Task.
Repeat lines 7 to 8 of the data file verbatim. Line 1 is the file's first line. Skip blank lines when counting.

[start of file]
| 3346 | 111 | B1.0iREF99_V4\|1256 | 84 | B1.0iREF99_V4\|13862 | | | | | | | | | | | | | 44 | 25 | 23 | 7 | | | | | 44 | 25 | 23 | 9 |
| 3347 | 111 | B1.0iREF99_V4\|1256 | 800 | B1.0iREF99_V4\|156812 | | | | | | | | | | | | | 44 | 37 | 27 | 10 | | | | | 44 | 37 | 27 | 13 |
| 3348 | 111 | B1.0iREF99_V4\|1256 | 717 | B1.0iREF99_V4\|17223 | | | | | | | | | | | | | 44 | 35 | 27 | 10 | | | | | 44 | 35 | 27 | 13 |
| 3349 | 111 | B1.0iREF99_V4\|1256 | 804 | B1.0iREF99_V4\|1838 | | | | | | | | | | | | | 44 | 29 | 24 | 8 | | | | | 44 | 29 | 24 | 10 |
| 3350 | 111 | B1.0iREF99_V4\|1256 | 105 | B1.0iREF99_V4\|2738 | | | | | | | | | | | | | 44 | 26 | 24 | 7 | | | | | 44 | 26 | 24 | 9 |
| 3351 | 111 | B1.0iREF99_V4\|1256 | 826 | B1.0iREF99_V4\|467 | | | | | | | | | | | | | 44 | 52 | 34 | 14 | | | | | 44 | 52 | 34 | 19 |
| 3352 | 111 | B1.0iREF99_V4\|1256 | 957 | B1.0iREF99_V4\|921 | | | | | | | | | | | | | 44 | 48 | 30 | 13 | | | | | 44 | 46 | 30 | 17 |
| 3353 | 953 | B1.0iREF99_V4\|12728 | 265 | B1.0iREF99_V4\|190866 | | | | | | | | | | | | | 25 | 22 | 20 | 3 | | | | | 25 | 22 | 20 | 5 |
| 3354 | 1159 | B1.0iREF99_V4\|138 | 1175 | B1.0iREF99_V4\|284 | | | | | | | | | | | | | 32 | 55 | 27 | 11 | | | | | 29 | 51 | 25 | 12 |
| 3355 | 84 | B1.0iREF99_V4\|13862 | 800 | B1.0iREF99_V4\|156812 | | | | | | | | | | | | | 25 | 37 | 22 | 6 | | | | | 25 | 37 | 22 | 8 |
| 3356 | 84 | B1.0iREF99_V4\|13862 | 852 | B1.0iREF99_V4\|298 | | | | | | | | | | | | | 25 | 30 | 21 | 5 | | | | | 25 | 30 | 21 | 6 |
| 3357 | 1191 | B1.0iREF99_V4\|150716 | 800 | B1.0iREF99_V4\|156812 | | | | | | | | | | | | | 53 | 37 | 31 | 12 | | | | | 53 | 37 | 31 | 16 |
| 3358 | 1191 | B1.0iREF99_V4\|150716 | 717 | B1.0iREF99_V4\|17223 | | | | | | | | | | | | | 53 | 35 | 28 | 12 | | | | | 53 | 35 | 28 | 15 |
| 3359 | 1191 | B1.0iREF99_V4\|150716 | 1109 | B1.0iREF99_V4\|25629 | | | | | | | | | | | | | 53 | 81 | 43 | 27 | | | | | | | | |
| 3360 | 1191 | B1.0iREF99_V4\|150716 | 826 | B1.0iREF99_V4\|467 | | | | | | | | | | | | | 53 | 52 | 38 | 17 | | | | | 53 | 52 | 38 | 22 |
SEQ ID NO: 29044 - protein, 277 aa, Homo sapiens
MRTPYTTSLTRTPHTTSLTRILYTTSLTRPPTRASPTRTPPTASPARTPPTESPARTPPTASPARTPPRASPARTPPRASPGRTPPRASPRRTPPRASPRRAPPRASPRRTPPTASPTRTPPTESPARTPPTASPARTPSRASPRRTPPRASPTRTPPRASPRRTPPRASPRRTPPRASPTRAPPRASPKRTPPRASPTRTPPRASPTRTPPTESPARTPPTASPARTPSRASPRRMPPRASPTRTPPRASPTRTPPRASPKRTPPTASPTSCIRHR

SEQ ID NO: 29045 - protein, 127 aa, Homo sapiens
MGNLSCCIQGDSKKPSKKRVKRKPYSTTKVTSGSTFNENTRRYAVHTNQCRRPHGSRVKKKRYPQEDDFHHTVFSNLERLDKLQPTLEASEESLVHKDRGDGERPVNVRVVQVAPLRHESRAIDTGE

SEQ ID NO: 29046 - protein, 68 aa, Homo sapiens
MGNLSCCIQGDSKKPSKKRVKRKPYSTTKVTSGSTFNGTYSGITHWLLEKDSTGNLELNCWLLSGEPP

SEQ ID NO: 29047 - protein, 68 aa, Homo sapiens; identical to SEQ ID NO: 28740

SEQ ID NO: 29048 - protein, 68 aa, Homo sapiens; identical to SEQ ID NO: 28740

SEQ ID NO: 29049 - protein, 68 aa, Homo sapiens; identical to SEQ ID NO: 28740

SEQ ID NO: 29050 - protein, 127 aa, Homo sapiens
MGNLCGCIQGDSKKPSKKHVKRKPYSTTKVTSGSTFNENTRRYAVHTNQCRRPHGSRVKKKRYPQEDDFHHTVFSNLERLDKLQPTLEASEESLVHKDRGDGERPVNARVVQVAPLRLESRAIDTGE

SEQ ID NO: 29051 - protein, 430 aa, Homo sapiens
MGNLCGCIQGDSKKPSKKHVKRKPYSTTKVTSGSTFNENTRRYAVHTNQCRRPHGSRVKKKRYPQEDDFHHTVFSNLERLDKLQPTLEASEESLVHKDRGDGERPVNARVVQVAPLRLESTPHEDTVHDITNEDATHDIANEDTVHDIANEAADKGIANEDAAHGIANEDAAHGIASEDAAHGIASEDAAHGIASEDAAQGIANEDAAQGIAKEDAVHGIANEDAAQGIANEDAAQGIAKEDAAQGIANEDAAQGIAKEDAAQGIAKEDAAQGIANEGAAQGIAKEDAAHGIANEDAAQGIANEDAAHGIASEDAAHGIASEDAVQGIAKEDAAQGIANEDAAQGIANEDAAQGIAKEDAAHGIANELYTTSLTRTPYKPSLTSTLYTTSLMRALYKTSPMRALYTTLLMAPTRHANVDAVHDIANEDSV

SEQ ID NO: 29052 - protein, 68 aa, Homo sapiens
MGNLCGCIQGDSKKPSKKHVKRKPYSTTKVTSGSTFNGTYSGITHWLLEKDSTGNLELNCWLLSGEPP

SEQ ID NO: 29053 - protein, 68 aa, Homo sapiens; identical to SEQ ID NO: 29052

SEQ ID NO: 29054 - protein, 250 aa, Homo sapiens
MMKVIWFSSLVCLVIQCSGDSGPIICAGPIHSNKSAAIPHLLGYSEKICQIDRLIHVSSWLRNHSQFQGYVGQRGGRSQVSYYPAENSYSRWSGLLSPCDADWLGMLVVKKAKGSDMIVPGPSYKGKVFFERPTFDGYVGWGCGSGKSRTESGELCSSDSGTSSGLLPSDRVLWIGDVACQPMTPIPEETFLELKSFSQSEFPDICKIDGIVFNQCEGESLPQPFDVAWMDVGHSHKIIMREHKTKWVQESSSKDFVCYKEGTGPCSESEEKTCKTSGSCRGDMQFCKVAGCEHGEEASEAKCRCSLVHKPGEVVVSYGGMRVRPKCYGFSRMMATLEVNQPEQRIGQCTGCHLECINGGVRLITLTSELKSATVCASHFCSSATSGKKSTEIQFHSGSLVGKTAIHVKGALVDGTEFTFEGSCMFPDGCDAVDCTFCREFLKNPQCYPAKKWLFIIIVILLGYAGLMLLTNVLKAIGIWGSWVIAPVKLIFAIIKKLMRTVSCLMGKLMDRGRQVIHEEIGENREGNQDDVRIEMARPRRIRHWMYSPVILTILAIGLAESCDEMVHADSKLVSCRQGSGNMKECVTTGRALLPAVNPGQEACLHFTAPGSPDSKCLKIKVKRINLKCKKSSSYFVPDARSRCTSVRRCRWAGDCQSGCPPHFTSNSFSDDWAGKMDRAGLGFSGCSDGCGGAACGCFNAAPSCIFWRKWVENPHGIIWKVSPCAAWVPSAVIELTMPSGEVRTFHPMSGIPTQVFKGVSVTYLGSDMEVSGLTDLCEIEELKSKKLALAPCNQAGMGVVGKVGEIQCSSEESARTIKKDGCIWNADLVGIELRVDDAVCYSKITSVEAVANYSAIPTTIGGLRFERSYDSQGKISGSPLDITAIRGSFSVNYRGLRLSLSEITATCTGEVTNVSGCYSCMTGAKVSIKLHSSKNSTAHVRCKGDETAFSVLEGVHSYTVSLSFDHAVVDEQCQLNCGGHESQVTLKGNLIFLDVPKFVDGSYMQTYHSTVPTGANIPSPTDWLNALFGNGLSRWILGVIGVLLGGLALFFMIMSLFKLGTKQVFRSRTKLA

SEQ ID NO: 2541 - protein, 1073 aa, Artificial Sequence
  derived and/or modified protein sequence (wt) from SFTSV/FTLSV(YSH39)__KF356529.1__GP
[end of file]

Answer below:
| 3352 | 111 | B1.0iREF99_V4\|1256 | 957 | B1.0iREF99_V4\|921 | | | | | | | | | | | | | 44 | 48 | 30 | 13 | | | | | 44 | 46 | 30 | 17 |
| 3353 | 953 | B1.0iREF99_V4\|12728 | 265 | B1.0iREF99_V4\|190866 | | | | | | | | | | | | | 25 | 22 | 20 | 3 | | | | | 25 | 22 | 20 | 5 |